traceysinclairconsulting

Writing, editing and legal directories advice

Monthly Archives: October 2014

Chambers UK schedule now live

Chambers UK have sent out the schedule emails today, confirming their deadlines. The first deadline is December 15, with the second 16 February. So I would recommend you start working on your submissions as soon as possible!

The key points – other than the new submission template – are that they have changed how they are researching the regional/city tables:

“For this year’s research, we are asking for regional, not city, submissions for the following practices only:
Banking & Finance, Construction, Corporate/M&A, Employment, Environment, Information Technology, Intellectual Property, Licensing, Litigation, Pensions, Planning, Real Estate, Real Estate Litigation, Restructuring/Insolvency, Social Housing, Tax.

Submissions for all other practice areas should be provided by city.”

For full details, check out their website.

Legal Directories Consultants – What do they do, and do you really need one?

Love them or loathe them, legal directories like Chambers and Legal 500 are an influential part of the modern legal landscape. And, as they become more ubiquitous, so a new brand of professional has emerged: the legal directories consultant. So what is a legal directories consultant – and do you need to hire one?

What does a legal directories consultant actually do?
This answer to this is, generally, whatever you need them to do. It’s a field mostly populated by individuals and (very) small businesses, most of whom offer a service that is bespoke to their clients’ needs – this could be as extensive as handling the entire directories process, from writing the submissions to sitting in on interviews and coaching lawyers, or as little as giving your final submissions a review and ‘tweak’, or even doing a one-off talk to your partners or BD staff on how to make the process more efficient – I do a ‘demystifying the directories’ presentation that I’ve now done to a number of firms in the UK and Europe which can be used to kickstart the process, either as a one-off or as part of my wider offering, and I imagine others offer similar services. There are also companies that offer a less bespoke but more affordable package aimed at making it easier to handle the process in-house, or firms which offer directories advice as part of a wider outsourced communications or PR package.

Is it expensive?
As the above answer will indicate, that is a ‘how long is a piece of string’ question: it depends on the level of service you need. You may be billed for individual submissions, by the hour or a flat ‘package’ rate: this will depend on the consultant and the level of support you require. But most consultants will aim at significantly reducing the amount of time fee-earners have to spend on submissions, which can mean they virtually pay for themselves.

Who is a typical consultant – and why should I listen to them?
Most consultants will have considerable experience of working on submissions, and many will have worked in-house in positions of authority in the major directories. My own experience – which is not atypical – is several years at Chambers, working across their books and including editorship of the UK book, followed up by a stint in-house at a Top 50 law firm. This kind of background means that a consultant will know – from bitter experience! – what it’s like to be a researcher, what the guides are looking for in terms of information, and how best to present it.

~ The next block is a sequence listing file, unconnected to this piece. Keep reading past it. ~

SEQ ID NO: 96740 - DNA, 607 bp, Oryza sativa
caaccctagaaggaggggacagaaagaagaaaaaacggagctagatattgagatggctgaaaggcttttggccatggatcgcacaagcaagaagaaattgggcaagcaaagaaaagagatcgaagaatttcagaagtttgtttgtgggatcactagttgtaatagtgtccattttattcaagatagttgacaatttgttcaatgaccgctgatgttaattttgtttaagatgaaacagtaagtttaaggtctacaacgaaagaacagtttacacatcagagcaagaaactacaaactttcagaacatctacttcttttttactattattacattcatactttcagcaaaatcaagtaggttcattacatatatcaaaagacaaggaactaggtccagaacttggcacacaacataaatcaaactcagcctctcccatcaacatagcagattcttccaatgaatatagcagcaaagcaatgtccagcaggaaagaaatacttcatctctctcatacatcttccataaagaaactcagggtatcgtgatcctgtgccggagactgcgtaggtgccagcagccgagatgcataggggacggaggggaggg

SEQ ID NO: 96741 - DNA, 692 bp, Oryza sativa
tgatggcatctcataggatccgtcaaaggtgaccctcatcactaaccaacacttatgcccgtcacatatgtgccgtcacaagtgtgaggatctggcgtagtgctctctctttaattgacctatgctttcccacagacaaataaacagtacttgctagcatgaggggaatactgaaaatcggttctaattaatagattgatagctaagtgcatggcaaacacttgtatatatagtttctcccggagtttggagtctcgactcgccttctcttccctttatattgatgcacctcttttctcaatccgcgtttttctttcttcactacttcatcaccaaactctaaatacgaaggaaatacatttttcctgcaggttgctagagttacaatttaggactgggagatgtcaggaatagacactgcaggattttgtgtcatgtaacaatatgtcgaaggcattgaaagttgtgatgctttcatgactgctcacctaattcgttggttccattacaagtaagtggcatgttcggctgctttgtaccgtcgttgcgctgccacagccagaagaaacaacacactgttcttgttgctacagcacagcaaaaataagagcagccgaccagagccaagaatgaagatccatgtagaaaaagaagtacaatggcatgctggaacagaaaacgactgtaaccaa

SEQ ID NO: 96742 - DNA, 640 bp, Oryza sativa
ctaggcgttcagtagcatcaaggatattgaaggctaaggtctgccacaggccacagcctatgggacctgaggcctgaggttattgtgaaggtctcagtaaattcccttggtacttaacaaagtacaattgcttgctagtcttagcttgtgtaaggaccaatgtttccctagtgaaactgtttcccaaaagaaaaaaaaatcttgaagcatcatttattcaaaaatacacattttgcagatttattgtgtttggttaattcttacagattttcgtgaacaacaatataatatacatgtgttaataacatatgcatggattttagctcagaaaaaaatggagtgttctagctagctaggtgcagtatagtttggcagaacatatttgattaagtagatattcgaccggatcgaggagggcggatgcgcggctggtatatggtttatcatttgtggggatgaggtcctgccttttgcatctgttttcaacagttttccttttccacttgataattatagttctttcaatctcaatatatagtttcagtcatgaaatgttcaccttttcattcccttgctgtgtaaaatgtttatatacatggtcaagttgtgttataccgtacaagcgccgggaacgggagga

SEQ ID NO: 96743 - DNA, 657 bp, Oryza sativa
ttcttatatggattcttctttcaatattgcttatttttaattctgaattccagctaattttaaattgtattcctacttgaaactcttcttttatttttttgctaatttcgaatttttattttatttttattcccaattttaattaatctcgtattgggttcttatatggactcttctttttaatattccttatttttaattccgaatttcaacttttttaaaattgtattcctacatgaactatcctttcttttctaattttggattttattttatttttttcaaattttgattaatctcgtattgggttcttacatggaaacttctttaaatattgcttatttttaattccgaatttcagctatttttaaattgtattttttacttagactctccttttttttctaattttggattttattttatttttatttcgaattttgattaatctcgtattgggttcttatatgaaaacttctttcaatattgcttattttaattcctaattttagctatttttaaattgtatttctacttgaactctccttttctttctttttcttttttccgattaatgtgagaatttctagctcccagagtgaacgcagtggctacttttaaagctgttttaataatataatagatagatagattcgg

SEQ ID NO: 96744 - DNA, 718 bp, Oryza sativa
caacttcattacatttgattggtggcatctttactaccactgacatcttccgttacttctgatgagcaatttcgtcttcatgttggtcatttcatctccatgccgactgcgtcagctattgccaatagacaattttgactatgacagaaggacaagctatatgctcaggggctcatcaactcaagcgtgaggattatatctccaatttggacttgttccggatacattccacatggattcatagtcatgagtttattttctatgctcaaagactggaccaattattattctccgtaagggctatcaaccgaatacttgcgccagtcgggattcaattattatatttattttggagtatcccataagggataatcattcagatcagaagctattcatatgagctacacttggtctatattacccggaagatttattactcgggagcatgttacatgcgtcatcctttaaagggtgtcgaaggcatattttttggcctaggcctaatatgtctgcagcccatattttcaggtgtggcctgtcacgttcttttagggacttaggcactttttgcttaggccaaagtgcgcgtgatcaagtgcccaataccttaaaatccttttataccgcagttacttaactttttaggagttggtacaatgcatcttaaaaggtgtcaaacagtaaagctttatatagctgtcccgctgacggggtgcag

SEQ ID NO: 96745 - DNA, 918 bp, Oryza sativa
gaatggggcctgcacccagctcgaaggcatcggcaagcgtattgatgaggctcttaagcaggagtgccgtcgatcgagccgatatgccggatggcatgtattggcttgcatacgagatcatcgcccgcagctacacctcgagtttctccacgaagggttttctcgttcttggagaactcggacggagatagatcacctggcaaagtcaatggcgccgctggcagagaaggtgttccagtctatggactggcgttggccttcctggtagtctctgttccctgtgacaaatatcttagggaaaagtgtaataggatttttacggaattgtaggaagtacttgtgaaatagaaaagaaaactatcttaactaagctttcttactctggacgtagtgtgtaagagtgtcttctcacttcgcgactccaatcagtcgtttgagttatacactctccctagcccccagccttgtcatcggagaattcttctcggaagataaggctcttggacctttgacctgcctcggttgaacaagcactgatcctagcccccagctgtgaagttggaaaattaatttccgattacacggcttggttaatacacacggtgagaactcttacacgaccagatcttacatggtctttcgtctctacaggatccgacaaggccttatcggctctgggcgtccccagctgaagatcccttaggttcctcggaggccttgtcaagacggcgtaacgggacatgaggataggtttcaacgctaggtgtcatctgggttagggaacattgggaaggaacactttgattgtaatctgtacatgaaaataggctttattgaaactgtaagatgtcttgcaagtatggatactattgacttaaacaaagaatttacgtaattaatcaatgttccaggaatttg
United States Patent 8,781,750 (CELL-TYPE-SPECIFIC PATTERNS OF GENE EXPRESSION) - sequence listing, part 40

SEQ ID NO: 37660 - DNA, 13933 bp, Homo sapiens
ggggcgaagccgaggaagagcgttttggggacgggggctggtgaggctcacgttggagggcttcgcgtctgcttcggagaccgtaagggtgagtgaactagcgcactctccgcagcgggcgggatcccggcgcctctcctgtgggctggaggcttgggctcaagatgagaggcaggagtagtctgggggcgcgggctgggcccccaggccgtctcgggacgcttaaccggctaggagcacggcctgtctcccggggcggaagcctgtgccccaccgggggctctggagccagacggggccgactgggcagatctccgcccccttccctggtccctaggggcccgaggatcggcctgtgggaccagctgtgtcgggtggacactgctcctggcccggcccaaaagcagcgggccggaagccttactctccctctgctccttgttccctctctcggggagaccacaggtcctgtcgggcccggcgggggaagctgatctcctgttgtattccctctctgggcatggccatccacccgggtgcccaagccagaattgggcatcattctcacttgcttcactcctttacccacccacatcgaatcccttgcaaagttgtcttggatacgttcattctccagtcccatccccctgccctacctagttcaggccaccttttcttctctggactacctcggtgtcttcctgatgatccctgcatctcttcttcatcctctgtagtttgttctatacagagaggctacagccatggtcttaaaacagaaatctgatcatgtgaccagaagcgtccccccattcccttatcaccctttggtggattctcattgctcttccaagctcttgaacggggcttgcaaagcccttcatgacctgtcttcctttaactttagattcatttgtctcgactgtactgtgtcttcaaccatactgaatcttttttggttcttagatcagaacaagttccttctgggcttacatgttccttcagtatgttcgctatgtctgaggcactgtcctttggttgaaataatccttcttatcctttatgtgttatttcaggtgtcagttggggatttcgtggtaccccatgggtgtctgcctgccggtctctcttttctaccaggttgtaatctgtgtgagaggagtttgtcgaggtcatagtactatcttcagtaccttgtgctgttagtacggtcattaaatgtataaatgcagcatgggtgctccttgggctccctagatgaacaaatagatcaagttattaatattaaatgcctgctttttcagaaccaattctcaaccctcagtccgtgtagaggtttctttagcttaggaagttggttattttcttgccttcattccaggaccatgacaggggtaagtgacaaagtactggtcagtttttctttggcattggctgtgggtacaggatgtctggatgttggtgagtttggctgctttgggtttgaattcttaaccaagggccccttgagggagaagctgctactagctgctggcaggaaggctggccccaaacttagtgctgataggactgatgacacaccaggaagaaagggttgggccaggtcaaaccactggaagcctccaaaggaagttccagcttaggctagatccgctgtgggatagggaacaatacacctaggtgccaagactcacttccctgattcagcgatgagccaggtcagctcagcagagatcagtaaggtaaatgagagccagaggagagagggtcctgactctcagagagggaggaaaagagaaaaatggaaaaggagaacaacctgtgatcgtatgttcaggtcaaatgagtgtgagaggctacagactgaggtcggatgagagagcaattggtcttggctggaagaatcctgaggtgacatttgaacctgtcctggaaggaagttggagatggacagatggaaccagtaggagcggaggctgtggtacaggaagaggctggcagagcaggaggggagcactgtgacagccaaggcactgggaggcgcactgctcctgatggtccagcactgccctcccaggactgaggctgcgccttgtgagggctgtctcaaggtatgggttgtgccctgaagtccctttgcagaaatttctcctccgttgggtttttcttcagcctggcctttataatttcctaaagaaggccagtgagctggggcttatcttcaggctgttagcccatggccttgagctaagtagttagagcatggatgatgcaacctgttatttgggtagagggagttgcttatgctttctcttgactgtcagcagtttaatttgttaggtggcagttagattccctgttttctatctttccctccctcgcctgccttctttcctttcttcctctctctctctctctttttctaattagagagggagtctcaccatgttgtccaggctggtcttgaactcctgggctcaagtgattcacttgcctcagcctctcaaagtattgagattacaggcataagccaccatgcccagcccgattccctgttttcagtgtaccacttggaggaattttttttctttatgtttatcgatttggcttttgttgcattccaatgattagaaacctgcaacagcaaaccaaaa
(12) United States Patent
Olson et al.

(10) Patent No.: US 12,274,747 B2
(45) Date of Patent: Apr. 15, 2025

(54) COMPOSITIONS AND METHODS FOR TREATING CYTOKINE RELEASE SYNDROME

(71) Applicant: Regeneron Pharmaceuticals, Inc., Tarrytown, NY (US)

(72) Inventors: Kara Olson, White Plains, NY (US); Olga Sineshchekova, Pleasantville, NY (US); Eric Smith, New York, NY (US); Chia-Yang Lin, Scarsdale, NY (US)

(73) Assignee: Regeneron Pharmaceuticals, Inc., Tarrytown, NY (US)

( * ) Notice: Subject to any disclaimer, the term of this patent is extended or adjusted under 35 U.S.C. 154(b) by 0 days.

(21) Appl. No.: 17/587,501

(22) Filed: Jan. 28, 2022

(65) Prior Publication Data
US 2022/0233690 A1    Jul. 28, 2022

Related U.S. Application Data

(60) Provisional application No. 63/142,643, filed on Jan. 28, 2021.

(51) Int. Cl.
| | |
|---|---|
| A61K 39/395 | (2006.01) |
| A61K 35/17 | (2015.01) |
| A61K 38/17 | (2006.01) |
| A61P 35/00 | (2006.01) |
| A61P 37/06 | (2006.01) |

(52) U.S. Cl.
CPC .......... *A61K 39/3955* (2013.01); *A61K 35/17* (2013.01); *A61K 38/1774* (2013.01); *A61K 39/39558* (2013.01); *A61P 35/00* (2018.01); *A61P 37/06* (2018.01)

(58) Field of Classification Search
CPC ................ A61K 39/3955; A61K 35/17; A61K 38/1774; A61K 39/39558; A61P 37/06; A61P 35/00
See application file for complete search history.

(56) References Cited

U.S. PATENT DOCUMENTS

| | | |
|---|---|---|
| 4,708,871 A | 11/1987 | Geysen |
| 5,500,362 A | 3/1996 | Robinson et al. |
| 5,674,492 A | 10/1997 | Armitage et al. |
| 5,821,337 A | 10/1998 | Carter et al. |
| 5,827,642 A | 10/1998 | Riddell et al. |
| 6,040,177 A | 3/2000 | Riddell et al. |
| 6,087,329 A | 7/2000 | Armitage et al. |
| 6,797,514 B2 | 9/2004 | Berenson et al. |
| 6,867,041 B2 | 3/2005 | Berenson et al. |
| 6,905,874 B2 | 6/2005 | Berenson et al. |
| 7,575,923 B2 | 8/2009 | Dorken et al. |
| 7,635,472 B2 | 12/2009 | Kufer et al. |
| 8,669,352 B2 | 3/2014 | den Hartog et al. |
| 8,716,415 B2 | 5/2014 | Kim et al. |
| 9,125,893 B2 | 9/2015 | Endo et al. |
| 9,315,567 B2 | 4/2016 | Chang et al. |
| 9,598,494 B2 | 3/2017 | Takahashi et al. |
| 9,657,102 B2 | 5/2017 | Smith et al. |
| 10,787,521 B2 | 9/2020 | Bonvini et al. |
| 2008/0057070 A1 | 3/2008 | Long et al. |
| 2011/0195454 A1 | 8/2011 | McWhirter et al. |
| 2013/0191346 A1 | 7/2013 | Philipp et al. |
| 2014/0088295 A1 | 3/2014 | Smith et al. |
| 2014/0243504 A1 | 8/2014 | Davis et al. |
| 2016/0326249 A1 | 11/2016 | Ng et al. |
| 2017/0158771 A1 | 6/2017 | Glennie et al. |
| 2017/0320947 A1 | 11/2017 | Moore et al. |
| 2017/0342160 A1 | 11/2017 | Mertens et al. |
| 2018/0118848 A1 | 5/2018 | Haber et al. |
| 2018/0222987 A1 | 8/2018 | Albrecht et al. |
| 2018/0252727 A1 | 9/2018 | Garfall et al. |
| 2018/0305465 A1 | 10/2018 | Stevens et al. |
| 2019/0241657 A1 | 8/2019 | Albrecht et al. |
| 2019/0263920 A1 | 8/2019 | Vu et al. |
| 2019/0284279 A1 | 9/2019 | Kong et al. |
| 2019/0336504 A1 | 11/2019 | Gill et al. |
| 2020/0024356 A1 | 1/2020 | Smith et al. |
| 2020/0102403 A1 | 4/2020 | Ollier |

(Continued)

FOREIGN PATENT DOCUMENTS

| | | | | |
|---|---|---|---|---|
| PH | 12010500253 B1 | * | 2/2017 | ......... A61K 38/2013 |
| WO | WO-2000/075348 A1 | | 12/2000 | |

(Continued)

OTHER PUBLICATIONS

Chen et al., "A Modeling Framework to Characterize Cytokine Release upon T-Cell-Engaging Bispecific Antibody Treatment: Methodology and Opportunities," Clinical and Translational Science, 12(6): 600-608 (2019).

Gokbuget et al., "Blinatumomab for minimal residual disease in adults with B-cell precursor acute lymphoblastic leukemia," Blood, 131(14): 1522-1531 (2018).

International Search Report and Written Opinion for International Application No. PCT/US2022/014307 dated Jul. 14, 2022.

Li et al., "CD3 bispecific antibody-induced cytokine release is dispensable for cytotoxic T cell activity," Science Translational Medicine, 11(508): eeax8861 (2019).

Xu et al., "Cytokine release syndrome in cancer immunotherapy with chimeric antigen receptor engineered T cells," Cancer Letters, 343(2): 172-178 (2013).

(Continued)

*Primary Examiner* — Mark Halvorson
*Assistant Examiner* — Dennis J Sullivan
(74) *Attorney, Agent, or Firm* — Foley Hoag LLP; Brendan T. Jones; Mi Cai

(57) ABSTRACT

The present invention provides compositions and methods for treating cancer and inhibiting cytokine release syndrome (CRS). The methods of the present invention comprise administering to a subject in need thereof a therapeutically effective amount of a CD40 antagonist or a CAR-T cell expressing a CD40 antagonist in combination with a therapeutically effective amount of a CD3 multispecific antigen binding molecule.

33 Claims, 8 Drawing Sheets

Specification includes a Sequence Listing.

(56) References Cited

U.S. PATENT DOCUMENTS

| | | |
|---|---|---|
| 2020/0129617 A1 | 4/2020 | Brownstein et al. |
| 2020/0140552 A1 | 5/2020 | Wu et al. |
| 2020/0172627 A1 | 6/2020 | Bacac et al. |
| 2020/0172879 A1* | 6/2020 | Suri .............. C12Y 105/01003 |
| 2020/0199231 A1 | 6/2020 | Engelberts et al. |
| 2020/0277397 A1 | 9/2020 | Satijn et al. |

They also bring an objective eye and an authoritative voice to proceedings: because they are free from the kind of internal politics that even the best law firm will have, they can look at your submissions clearly and tell you whether you are presenting your strengths to the best effect, and can also give you a realistic view of your chances. Because they are experts – and you are paying them for their expertise – their opinions will often carry more weight with fee-earners.

Can they definitely improve my rankings?
Absolutely not. There is no magic wand here, and hiring someone who used to work at one of the directories doesn’t buy you special favours. What they can do is maximise your chances of getting a better ranking by improving the way you communicate with the guides – and in my experience, better submissions and clearer information help the researchers learn more about your firm and can lead to more recognition, but this is in no way guaranteed.

So do I really need to hire a consultant, or is this just a sales pitch?
Obviously, if you feel you need a consultant, please do get in touch! But to be serious, only you and your firm know the answer to that: the first step is identifying what your issues are. If it’s resource, then hiring a temp to handle the admin might be a better idea, or looking at improving your internal systems so that information is collated over the year rather than pulled together in a desperate rush. Check you are not making obvious, easy to fix mistakes, such as sending submissions in very late, or not telling your referees you have put them forward. Join free forums such as Defero Law and LinkedIn, where professionals discuss these things; you might find you have not being doing something that is very obvious! If you want feedback from the directories themselves, try contacting the editors direct or, for Chambers, attending one of their Meet The Editor sessions. Chambers Confidential – while not cheap – can also be a useful way of identifying what the market and your clients are saying about you, and finding out if there are issues that you need to address.